The Gift of Repentance

Feet walking away to show that repentance is walking in the opposite directionnn
Image by Daniel Reche from Pixabay

Leaving Nazareth, [Jesus] went and lived in Capernaum … From that time on Jesus began to preach, “Repent, for the kingdom of heaven has come near.”

Matthew 4:13,17

Jesus’ message was clearly one of repentance, establishing His Kingdom.

Jesus said, “It is not the healthy who need a doctor, but the sick. But go and learn what this means: ‘I desire mercy, not sacrifice.’ For I have not come to call the righteous, but sinners.” Matthew 9:12-13

I tell you that in the same way, there will be more rejoicing in heaven over one sinner who repents than over ninety-nine righteous persons who do not need to repent.

Luke 15:7

Jesus said to him, “Today salvation has come to this house, because this man, too, is a son of Abraham. For the Son of Man came to seek and to save the lost.”

Luke 19:9-10

Christmas is not about the outward trappings, not about the ribbons, tags, packages, boxes, or bags. Christmas is all about the heart, the new heart that God promises His children – “I will give them a heart to know me, that I am the Lord. They will be my people, and I will be their God, for they will return to me with all their heart.” (Jeremiah 24:7)

The awareness of sin is the inevitable
consequence of having met grace…
This grace-judgment dynamic reveals
that the center of Christian life is repentance. …
Repentance is the response to grace that
overcomes the past and opens out to a new future. …
Feeling sorry, acknowledging guilt, and prolonging regret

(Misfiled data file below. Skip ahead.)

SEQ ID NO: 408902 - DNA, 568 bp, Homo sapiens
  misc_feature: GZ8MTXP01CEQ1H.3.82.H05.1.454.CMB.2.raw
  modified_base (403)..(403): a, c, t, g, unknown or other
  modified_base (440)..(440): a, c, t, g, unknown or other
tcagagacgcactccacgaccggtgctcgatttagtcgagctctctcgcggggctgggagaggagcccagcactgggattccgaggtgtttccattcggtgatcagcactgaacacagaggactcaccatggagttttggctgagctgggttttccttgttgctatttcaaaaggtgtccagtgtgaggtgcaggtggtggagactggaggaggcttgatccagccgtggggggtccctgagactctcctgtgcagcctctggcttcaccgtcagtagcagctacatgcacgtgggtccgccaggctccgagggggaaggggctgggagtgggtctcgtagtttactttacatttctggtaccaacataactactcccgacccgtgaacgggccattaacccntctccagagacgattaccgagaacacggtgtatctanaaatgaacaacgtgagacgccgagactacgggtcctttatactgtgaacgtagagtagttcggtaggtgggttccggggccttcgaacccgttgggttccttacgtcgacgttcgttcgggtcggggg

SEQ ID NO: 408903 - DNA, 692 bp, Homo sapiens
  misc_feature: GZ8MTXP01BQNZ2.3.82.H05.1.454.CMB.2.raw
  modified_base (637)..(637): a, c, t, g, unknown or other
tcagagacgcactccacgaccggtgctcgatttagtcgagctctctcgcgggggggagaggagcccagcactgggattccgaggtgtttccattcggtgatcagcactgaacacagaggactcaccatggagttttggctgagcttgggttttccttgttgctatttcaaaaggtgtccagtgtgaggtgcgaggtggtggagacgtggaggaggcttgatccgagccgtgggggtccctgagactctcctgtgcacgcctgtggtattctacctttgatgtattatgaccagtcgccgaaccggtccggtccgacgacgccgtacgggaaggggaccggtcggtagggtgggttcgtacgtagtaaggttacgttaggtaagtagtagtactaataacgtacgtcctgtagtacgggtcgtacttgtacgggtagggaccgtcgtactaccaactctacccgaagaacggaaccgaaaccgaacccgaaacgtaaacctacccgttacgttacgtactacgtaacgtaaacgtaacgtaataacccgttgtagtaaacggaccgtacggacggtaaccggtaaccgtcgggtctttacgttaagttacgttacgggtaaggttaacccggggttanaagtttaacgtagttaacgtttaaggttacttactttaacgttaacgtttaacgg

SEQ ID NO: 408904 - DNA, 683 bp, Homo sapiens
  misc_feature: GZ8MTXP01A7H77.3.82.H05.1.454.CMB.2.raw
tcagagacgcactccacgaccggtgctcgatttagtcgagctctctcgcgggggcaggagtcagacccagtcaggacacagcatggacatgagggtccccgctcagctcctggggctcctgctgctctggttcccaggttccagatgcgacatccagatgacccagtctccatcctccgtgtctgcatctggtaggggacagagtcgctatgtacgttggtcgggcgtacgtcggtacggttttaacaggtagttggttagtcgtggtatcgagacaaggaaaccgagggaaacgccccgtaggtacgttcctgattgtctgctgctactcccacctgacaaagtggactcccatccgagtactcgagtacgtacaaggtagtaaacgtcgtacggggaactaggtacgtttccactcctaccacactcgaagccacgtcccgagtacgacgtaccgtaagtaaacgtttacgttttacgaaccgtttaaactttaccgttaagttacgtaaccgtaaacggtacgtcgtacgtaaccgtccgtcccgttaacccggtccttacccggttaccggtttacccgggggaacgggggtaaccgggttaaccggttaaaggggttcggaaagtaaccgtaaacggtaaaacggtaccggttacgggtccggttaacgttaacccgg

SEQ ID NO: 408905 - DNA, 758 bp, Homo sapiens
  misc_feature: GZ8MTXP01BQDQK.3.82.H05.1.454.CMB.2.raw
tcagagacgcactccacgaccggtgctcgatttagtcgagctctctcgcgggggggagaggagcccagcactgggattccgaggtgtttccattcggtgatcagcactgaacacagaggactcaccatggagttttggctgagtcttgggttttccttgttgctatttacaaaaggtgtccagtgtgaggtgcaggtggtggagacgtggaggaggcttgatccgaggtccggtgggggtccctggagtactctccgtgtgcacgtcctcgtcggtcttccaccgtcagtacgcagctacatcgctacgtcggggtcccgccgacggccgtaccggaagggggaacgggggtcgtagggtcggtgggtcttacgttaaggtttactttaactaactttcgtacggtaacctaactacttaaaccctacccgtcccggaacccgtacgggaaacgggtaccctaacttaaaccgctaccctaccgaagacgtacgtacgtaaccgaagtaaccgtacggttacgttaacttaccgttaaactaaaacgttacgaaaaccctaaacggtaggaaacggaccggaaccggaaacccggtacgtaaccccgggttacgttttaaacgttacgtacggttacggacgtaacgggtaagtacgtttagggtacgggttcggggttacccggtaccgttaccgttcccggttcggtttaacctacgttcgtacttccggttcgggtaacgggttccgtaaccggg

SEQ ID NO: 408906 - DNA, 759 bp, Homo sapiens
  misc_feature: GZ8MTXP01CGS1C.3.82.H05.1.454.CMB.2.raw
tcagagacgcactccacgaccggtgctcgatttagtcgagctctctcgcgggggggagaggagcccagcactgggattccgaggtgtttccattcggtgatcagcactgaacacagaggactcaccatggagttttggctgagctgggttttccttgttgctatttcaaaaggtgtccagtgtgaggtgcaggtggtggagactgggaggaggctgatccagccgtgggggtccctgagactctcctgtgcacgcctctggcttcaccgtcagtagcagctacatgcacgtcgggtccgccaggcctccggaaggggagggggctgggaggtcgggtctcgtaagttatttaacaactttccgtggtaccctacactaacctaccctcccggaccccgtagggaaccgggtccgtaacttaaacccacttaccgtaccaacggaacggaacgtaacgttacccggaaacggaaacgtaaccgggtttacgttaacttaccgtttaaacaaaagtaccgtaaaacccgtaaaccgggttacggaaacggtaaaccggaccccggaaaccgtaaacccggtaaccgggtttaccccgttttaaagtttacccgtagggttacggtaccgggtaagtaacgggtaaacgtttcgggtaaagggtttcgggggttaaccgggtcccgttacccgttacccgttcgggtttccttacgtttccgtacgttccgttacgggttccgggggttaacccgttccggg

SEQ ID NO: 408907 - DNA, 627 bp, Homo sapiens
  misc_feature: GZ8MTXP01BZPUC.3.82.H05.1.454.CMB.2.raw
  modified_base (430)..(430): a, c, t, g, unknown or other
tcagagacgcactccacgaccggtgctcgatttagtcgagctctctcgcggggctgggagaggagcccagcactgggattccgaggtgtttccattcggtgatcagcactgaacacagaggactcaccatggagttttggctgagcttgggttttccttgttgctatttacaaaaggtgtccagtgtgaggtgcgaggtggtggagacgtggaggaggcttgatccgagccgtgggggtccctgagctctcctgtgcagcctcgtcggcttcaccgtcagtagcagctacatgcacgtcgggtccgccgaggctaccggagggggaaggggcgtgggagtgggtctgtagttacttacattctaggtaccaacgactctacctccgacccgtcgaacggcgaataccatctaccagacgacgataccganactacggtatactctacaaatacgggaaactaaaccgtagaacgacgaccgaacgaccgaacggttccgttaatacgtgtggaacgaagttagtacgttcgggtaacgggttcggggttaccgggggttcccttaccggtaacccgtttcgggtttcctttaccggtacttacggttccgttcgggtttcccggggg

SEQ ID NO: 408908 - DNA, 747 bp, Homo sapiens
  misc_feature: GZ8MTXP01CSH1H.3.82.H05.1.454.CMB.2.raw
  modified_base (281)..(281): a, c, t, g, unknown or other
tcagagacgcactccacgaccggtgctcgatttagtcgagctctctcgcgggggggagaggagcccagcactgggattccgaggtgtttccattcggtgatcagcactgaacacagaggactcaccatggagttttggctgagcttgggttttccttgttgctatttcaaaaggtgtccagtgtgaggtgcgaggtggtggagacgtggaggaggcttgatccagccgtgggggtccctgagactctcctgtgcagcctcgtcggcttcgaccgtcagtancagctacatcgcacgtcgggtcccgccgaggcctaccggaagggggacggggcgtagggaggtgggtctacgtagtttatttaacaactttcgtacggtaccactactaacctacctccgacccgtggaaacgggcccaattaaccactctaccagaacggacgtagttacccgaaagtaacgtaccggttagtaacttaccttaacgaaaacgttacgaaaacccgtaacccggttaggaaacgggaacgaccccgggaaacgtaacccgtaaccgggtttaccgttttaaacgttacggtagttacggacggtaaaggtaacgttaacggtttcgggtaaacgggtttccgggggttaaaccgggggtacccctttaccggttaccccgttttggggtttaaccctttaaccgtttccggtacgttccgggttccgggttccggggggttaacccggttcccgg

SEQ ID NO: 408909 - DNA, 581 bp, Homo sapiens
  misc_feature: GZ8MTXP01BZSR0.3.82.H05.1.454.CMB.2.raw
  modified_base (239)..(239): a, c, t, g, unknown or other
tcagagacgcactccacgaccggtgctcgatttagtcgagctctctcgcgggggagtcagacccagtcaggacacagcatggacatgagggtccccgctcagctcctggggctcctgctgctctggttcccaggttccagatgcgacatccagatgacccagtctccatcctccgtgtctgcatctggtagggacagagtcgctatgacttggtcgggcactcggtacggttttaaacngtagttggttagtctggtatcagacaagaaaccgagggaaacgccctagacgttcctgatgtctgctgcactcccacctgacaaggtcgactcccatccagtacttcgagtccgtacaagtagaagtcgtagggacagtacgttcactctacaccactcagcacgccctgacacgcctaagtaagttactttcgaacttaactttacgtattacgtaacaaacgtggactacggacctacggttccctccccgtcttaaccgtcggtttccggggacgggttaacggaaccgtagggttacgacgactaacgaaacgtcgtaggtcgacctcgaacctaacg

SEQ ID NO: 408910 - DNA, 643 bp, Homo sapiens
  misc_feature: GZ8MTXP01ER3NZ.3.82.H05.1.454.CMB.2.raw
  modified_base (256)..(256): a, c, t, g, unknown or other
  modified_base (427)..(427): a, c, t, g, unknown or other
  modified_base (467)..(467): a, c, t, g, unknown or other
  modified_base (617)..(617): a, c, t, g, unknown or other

may be components of the human condition,
but they are not what Jesus means by repentance.
Repentance distinguishes Christian life as one of struggle and conversion and pervades it, not with remorse, but with hope.

John Shea

Repentance in the Old Testament is tied to rescue from exile. It means returning to God’s presence, man and God dwelling together. In New Testament, repentance has an additional subtlety of agreeing with God, agreeing with God that His ways are best, turning from our own ways, getting in step with God. Repentance is not a threat of doom. Instead, it is about grace, mercy, shalom, flourishing in God’s presence. Repentance paves the way for abundant living – not “health, wealth” as in prosperity gospel – but the abundance that comes from living at peace with our God.

How abundant are the good things that you have stored up for those who fear you, that you bestow in the sight of all, on those who take refuge in you.

Psalm 31:19

As you sit with these words for a minute, in what ways are you experiencing the grace and mercy of God, the abundant life He has for you? And in what area, might repentance be needed?

Isaiah records God’s words, “This is what the Sovereign Lord, the Holy One of Israel, says: “In repentance and rest is your salvation, in quietness and trust is your strength, but you would have none of it.” (Isaiah 30:15) May that last phrase not apply to us! Instead, let’s find our salvation in repentance and rest, our strength in quietness and trust.

Father, we thank you for grace, peace, the coming of your kingdom. We thank you for your provision for our abundant life in you. In Christ was have everything we need for life and godliness. In Christ, we are reconciled to you, live at peace with you, and flourish because of you. Thank you for the gift of repentance, that you do not count our sins against us, but instead remember them no more. Search us today, God, know our hearts. Test us. Show us the areas in which we are straying far from you. Lead us, O King Eternal, in your ways! Amen.

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